LOS ANGELES – Paul Ricky Mata, 58, a former resident of Upland who now lives in Oceanside, was sentenced by United States District Judge R. Gary Klausner, who also ordered him to pay $12,560,385 in restitution to his victims. Mata was remanded into federal custody at the hearing’s conclusion.
A former financial advisor with a lengthy disciplinary history was sentenced today to 168 months in federal prison for a real estate investment con that caused his clients – many of them elderly people who had invested their retirement savings – to lose more than $12 million.
On July 19, Mata pleaded guilty to 17 felonies: 11 counts of mail fraud, three counts of wire fraud, one count of making a false statement in a bankruptcy proceeding, one count of concealing assets in bankruptcy, and one count of making a false oath and accounts in bankruptcy.
From August 2008 to September 2015, Mata caused victims to invest in several of his businesses, including Secured Capital, Logos Real Estate, and other ventures. Mata failed to disclose his disciplinary history to his victims, including disciplinary actions taken against him by the states of Nevada and California, a one-year suspension and $10,000 fine imposed by the Financial Industry Regulatory Authority (FINRA), and a three-year suspension by the Certified Financial Planner (CFP) Board stemming from various forms of misconduct, including omitting material facts necessary to make other statements not misleading.
Mata induced his victims to invest their money in Secured Capital, a real estate investment program that purportedly invested in “government-backed tax liens,” “asset-backed deed certificates,” and distressed commercial and residential properties. Mata guaranteed investors that Secured Capital’s investment return generated annual rates of 5 percent to 10 percent, when in fact, investments in Secured Capital had significant loss risks and did not make a profit from 2011 onward.
Instead of properly investing his clients’ money, Mata used Secured Capital investor funds to pay his personal expenses, including a $197,000 down payment on his personal residence in Upland, loans to himself and to other entities he created, and $370,000 that was transferred into his personal bank accounts.
“It was not simply that [Mata] was an investment advisor to his victims,” prosecutors argued in a sentencing memorandum. “It was that, for many of them, he met them through church. He prayed with them, professed to share values and beliefs with them, and he acted like they were his friends. Moreover, many of his victims are currently retired, and/or were in the process of retiring when [Mata] advised them to enter into his risky investments based on false pretenses.”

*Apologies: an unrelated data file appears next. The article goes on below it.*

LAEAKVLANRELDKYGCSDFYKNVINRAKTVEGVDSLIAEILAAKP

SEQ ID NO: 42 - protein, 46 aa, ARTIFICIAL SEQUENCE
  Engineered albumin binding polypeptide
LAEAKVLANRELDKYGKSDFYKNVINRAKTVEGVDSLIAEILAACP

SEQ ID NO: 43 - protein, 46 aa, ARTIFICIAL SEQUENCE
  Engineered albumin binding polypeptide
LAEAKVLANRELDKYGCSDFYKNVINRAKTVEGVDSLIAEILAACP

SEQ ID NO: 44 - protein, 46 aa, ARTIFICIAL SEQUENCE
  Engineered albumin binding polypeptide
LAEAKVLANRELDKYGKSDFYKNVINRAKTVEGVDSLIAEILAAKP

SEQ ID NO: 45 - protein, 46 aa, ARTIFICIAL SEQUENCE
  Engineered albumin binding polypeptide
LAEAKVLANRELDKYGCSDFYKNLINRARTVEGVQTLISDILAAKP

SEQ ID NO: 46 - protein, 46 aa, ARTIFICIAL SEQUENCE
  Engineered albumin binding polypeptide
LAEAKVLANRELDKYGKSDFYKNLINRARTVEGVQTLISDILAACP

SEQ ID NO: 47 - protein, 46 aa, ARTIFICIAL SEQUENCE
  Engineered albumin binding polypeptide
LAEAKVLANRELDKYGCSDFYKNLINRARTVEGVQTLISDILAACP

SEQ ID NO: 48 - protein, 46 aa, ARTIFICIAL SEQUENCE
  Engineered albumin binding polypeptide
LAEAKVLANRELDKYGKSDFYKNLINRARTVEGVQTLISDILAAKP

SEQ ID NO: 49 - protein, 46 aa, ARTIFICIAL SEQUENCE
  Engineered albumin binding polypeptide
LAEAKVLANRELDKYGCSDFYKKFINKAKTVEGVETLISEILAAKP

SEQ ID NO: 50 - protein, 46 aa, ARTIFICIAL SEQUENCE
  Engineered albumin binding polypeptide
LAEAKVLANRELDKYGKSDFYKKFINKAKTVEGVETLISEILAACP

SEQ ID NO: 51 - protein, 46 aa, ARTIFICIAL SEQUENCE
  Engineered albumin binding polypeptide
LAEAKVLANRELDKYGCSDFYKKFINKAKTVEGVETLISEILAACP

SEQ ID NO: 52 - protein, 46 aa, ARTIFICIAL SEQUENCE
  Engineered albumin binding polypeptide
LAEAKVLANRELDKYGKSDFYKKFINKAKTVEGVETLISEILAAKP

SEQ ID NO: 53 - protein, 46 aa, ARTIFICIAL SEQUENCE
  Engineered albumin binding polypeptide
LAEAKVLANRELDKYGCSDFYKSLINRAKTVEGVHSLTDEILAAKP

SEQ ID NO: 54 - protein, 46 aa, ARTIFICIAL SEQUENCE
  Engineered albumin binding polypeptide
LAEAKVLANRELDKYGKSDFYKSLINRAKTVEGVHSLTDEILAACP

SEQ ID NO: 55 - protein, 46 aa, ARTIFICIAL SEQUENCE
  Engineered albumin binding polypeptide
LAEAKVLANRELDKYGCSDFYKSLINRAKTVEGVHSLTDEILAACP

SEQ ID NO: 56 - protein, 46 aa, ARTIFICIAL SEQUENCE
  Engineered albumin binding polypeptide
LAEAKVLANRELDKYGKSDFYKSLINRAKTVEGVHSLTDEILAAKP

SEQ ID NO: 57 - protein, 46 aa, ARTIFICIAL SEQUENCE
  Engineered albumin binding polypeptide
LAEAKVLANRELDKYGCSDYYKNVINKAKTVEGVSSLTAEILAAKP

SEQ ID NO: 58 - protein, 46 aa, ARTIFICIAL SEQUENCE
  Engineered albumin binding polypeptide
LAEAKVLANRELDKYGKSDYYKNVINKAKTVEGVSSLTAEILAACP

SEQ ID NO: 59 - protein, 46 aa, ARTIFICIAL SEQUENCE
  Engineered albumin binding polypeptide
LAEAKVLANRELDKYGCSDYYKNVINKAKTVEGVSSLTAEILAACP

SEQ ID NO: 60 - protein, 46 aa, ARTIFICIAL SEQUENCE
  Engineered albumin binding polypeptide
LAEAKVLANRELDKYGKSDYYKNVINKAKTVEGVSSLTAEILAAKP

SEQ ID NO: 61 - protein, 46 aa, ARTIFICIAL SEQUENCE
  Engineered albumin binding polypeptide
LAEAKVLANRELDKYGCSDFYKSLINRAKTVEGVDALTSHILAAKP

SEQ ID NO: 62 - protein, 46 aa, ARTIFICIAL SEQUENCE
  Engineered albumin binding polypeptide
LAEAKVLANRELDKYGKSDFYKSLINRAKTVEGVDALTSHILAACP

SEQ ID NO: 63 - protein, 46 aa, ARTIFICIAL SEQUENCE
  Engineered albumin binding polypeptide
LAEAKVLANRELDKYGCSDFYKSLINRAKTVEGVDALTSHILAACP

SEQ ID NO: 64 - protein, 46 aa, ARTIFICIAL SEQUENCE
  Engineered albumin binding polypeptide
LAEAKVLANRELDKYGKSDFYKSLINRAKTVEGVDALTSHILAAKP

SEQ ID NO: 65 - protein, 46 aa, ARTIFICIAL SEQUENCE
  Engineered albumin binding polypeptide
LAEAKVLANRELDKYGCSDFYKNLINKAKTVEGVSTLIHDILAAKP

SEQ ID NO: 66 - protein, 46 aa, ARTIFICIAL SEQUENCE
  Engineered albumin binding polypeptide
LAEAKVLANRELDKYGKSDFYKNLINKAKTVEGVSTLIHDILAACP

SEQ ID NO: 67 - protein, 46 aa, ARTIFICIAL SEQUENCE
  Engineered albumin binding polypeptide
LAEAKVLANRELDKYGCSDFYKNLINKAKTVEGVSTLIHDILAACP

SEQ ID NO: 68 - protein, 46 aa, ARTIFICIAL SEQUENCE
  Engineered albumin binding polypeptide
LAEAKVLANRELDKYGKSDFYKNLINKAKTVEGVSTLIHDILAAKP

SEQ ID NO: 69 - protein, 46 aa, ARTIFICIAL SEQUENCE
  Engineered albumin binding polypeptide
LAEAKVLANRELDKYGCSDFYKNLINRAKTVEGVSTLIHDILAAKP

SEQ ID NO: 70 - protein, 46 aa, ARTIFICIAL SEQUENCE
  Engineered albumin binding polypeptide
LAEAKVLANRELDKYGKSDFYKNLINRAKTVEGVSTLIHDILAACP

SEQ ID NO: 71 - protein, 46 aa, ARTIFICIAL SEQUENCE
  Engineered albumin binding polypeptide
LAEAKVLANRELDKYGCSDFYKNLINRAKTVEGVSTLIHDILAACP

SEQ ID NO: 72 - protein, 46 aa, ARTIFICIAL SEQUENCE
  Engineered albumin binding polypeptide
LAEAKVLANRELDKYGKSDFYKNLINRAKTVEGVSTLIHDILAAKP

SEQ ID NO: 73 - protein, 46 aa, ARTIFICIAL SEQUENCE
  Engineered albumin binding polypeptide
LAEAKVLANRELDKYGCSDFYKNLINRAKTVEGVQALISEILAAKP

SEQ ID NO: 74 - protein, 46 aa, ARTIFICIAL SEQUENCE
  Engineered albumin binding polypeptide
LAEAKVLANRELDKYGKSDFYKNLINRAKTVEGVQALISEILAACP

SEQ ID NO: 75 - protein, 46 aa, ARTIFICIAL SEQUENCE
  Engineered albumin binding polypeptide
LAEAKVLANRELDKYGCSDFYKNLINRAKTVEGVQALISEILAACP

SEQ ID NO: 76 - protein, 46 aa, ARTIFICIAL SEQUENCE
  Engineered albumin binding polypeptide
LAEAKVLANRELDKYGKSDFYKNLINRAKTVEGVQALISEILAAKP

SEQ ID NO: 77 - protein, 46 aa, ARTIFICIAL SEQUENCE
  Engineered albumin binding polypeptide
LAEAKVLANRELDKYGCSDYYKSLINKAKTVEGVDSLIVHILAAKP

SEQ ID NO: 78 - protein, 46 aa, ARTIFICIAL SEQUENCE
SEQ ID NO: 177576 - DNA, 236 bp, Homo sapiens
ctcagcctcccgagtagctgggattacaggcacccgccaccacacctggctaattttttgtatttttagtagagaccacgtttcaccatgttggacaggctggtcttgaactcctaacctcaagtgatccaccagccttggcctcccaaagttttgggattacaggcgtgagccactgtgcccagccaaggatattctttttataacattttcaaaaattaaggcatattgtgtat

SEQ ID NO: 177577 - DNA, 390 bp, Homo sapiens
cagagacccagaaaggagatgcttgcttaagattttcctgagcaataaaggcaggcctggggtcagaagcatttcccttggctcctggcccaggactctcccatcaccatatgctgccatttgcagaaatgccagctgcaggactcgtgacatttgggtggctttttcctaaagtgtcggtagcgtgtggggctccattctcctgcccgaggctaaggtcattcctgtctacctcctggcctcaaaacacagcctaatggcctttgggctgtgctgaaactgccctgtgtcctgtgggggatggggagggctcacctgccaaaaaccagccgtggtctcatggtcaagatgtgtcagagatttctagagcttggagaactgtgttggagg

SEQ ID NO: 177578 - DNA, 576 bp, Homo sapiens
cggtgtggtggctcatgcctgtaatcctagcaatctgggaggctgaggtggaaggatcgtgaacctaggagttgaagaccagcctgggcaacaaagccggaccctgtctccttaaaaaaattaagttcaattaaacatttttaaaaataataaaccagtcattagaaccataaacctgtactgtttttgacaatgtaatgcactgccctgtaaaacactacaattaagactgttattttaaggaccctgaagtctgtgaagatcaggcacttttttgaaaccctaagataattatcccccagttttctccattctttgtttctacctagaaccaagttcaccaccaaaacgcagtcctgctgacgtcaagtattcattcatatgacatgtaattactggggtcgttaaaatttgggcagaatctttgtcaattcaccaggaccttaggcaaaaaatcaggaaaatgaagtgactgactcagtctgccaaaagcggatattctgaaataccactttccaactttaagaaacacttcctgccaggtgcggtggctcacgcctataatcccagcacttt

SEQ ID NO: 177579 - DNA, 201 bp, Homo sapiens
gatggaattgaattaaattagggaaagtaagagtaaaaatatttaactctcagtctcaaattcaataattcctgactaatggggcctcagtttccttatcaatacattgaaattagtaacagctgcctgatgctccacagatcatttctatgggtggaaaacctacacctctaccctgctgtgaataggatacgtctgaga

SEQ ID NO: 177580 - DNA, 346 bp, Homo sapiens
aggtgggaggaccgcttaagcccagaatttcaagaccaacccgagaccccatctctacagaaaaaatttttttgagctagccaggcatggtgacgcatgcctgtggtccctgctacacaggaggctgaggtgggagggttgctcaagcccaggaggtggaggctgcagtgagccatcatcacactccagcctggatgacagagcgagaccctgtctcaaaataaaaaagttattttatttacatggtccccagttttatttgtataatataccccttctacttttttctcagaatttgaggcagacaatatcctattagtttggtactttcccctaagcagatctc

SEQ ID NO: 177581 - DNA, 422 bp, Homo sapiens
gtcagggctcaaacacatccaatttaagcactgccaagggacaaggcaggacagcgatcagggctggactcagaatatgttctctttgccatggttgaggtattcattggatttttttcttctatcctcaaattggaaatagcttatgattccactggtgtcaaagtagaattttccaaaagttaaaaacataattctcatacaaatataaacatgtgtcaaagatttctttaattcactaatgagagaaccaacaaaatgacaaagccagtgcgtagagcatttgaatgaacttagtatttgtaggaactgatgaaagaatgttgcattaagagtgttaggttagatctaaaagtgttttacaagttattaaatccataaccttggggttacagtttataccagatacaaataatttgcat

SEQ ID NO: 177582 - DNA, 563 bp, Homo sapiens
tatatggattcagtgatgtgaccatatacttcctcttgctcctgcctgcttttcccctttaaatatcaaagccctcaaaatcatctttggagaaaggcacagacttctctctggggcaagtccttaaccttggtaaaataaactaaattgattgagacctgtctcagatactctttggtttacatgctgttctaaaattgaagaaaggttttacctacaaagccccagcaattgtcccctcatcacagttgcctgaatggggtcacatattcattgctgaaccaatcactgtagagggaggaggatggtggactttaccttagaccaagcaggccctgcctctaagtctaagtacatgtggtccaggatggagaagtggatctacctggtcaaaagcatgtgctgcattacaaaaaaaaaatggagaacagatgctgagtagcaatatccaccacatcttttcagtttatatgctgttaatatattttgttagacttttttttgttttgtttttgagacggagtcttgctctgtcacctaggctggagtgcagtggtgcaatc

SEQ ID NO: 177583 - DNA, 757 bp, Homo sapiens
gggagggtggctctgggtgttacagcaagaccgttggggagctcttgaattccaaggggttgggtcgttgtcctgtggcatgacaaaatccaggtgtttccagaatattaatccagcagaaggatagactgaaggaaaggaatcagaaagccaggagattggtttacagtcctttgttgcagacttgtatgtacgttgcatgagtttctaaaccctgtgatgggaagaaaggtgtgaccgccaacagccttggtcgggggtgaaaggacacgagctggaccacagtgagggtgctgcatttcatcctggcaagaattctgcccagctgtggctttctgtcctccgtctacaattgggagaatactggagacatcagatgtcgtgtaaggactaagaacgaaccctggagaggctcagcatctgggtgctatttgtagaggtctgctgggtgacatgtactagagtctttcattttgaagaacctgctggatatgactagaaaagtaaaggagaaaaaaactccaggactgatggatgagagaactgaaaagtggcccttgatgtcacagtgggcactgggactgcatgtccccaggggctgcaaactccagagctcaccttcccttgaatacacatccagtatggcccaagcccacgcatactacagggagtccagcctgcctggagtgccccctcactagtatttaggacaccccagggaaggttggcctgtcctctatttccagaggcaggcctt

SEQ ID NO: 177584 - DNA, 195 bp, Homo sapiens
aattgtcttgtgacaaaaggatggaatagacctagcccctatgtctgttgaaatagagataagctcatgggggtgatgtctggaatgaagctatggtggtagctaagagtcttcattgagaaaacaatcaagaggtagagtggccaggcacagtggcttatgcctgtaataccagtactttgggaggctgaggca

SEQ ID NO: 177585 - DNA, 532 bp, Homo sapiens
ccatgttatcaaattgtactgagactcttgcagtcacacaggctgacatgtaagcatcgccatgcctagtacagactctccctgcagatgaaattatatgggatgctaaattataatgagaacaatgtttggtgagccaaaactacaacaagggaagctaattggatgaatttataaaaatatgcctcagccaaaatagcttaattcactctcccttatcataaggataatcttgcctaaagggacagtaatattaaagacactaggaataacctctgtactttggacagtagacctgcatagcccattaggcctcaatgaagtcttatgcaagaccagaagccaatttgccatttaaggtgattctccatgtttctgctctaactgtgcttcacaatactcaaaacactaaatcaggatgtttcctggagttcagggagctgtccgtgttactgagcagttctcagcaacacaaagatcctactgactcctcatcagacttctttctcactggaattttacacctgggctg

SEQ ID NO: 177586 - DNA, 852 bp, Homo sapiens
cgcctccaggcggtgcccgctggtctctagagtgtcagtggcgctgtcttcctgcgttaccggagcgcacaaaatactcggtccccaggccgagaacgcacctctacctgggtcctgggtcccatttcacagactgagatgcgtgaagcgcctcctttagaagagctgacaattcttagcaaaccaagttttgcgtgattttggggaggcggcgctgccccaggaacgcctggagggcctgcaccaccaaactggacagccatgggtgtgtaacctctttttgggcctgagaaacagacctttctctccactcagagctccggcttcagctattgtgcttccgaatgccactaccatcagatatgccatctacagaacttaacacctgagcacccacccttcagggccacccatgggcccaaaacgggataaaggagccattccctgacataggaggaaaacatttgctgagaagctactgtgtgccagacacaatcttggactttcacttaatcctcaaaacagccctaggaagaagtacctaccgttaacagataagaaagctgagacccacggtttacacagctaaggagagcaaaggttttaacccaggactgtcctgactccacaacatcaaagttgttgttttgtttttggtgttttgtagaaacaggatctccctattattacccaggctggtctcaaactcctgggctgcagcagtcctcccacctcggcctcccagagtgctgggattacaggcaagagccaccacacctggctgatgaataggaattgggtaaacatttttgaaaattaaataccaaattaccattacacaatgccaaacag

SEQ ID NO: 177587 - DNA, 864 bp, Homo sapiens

Mata also made false statements on bankruptcy court documents in October 2016, including that he had not used any business names during the previous eight years, and that he had not filed for bankruptcy protection within the previous eight years. In fact, Mata had previously filed for bankruptcy in June 2010.
During the bankruptcy proceeding, Mata fraudulently concealed his personal property – including a 2008 Mini Cooper automobile and a 2001 Jeep – from the government and from his creditors.
At a bankruptcy hearing in November 2016, Mata lied when he denied that he had transferred anything to family or friends during the previous four years. In fact, in October 2016, Mata transferred the 2008 Mini Cooper to his daughter, and, in August 2016, he transferred his Upland home to his wife.
In 2015, the United States Securities and Exchange Commission filed a civil action against Mata and two business associates, alleging that they operated the real estate scam. Later that year, the SEC obtained a judgment against Mata that enjoined him from violating securities laws and ordered him to pay $11,748,831. That same year, the California Department of Business Oversight obtained a permanent injunction against Mata, as well as a $14 million restitution order and $6.3 million in civil penalties.
The FBI investigated this matter.